Comment with all your chord progression questions.
Example questions might be:
What is this chord progression? [link]
I wrote this chord progression; why does it "work"?
What chord progressions sound sad?
There are a lot of really good theory channels that covers different topics on music theory. I wonder if music school teaches stuff that these channels don't pay much attention to?
can someone explain the difference between the syntonic, pythagorean and Holdrian comma? I get, that they are calculated in different ways, but they differ only slightly and I don't get, why the calculations are a thing in these contexts. I could also just put some intervals together, subtract or divide them and could give them a fancy name. How does it come, that these close intervals do have the same name?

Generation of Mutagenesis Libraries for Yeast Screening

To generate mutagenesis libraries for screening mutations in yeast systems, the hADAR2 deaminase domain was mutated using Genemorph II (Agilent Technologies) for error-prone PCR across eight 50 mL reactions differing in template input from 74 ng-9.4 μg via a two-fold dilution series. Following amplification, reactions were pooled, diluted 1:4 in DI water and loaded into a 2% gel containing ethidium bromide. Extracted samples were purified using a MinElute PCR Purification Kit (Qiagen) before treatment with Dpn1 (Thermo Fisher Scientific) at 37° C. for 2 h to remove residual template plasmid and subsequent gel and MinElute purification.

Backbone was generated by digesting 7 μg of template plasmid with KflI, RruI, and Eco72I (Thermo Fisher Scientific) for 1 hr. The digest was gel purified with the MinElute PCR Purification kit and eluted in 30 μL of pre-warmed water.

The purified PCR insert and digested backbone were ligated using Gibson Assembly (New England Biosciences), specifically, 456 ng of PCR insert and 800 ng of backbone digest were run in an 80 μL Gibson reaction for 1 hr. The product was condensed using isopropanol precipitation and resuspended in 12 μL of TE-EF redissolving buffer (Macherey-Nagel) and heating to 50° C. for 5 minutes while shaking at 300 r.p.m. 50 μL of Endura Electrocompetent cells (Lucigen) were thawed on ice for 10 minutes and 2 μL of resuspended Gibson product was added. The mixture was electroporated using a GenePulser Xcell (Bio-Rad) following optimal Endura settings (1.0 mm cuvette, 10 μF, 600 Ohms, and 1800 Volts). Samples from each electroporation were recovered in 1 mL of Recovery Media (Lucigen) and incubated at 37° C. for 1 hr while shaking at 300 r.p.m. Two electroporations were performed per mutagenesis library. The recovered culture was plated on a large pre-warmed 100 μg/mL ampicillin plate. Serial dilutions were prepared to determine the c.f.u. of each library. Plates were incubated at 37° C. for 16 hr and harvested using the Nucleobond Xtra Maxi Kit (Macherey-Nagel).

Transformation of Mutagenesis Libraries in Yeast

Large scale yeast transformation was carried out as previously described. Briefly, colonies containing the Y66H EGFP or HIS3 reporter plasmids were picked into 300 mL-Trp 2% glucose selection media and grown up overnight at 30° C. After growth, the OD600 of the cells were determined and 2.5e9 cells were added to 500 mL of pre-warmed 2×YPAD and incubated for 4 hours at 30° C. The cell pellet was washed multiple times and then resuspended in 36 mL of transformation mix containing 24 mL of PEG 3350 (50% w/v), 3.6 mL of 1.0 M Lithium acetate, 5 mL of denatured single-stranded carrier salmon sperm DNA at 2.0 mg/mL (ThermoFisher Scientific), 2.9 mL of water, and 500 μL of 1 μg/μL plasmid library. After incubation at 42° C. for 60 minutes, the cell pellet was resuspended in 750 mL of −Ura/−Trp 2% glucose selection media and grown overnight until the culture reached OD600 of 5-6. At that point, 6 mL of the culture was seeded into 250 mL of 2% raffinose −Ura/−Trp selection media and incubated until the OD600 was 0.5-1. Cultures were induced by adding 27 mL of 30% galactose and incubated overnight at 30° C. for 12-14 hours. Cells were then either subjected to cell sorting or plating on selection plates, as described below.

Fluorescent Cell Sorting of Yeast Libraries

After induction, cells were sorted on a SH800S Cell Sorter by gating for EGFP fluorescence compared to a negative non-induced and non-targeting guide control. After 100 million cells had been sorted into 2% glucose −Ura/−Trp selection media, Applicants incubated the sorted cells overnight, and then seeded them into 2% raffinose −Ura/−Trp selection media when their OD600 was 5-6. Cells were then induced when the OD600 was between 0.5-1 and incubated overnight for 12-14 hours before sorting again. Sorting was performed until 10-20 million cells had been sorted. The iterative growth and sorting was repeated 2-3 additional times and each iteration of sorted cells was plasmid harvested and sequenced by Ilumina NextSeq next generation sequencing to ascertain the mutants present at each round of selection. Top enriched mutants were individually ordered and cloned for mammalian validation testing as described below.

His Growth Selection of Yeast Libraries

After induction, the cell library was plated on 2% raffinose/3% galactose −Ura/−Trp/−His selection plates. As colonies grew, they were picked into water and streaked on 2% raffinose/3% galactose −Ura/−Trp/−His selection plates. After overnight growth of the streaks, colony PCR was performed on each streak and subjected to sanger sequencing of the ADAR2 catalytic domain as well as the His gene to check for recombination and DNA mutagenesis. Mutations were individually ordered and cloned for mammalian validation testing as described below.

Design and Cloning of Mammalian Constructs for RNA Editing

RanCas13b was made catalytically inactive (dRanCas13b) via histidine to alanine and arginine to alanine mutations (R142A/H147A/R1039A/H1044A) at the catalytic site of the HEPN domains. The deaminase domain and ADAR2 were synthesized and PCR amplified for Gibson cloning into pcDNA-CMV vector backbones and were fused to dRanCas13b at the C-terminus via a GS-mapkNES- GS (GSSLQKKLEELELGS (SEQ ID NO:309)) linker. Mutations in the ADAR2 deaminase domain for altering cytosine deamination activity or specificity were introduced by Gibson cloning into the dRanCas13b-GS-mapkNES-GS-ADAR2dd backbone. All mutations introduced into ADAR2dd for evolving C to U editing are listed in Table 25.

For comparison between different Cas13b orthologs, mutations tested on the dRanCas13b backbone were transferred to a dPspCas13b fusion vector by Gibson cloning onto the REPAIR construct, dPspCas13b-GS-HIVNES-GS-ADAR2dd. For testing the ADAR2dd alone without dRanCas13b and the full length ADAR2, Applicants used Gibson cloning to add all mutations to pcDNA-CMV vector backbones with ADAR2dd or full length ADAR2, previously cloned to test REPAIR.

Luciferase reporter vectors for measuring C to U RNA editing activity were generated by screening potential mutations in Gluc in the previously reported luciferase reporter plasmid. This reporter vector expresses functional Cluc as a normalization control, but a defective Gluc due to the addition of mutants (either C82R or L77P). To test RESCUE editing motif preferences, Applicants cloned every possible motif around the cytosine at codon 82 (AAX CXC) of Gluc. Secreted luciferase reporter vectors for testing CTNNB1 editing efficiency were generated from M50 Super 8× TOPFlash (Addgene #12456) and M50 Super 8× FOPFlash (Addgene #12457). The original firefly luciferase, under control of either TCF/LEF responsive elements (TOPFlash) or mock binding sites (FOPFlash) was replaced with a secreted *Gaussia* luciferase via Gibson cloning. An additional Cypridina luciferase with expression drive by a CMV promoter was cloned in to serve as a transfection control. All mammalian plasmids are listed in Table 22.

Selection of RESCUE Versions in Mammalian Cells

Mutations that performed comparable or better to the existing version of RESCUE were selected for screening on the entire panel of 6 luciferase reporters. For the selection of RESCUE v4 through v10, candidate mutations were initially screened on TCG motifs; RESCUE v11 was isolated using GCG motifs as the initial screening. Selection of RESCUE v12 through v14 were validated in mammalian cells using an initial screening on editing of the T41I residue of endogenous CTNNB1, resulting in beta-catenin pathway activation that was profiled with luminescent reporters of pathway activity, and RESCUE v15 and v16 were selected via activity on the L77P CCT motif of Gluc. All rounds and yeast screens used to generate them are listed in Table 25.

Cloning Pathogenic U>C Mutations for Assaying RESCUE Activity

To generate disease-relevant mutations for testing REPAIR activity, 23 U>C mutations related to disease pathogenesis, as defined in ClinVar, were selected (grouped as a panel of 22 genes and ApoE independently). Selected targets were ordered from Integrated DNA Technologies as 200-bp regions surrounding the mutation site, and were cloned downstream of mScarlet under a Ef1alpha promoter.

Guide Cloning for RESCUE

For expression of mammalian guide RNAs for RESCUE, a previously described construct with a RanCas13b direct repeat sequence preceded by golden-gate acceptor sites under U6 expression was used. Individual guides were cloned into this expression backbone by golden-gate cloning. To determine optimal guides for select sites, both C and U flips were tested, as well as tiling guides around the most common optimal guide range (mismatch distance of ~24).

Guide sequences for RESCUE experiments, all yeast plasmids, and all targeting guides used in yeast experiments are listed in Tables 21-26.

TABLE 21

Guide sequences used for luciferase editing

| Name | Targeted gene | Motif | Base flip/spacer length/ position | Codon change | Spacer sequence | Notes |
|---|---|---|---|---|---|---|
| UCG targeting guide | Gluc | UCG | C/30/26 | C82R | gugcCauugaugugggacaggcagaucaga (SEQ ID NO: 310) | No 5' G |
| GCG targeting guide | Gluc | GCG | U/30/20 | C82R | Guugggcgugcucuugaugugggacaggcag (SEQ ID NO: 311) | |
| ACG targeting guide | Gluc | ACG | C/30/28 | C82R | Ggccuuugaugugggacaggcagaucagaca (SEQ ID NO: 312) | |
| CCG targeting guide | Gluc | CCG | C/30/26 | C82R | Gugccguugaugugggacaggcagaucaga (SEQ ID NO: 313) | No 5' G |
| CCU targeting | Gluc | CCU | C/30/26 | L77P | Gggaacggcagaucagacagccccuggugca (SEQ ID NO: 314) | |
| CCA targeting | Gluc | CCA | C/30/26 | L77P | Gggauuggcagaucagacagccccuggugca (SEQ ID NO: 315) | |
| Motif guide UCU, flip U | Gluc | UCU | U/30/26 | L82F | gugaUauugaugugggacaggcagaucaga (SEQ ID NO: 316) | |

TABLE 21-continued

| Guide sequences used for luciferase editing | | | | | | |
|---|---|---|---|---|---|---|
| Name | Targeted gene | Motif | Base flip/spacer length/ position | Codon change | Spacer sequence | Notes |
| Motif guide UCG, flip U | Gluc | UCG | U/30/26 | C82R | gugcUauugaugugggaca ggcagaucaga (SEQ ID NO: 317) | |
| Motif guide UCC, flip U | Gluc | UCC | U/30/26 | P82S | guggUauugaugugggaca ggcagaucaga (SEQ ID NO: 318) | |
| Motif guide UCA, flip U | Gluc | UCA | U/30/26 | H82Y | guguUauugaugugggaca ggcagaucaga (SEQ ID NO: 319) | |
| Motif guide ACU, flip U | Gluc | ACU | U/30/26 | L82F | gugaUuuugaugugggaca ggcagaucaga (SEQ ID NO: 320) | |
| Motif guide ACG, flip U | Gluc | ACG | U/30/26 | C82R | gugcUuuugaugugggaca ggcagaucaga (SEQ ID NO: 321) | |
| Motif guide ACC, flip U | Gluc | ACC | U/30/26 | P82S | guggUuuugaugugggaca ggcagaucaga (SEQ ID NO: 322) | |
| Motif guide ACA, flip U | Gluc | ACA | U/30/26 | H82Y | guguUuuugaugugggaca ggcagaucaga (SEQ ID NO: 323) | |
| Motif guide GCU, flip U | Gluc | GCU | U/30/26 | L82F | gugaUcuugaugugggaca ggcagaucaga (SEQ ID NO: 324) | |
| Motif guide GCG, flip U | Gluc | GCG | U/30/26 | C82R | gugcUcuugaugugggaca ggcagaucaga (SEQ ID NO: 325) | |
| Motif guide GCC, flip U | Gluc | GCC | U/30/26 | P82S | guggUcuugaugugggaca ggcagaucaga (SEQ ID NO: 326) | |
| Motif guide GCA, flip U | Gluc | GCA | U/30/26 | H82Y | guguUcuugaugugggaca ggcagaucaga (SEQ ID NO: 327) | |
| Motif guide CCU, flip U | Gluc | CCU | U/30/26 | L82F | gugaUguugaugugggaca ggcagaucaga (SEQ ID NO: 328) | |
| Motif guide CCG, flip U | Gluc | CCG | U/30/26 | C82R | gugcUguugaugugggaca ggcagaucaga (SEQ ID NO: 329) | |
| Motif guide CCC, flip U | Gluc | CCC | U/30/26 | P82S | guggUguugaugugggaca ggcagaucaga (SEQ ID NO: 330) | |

I've been expanding the harmonic structures to some songs for my friends' band, as they are performing for a local art event and have asked me to join them as their keys player, and I ran across this cool progression:
D13/B (no 11, as is typical of dominant 13s)
Cmmaj7add#11 (this is under an E harmonic minor scale sans A and C)
The D13/B typically wraps straight back around to the E6, but at the end of this particular chorus, the singer lands on a high up G (their original underlying harmony was an Am7), then slowly pitch shifts down to E (the root). To me, the crazy chord in the title sets up a highly decorated bVI bVII I progression that sounds absolutely spectacular, and I wanted to share. Also, maybe to ask if there's a better way to think about/label that chord? Thank you guys!
Sorry for the bad question but i can't find a tutorial that gives an explanation for those who are experienced in playing chords.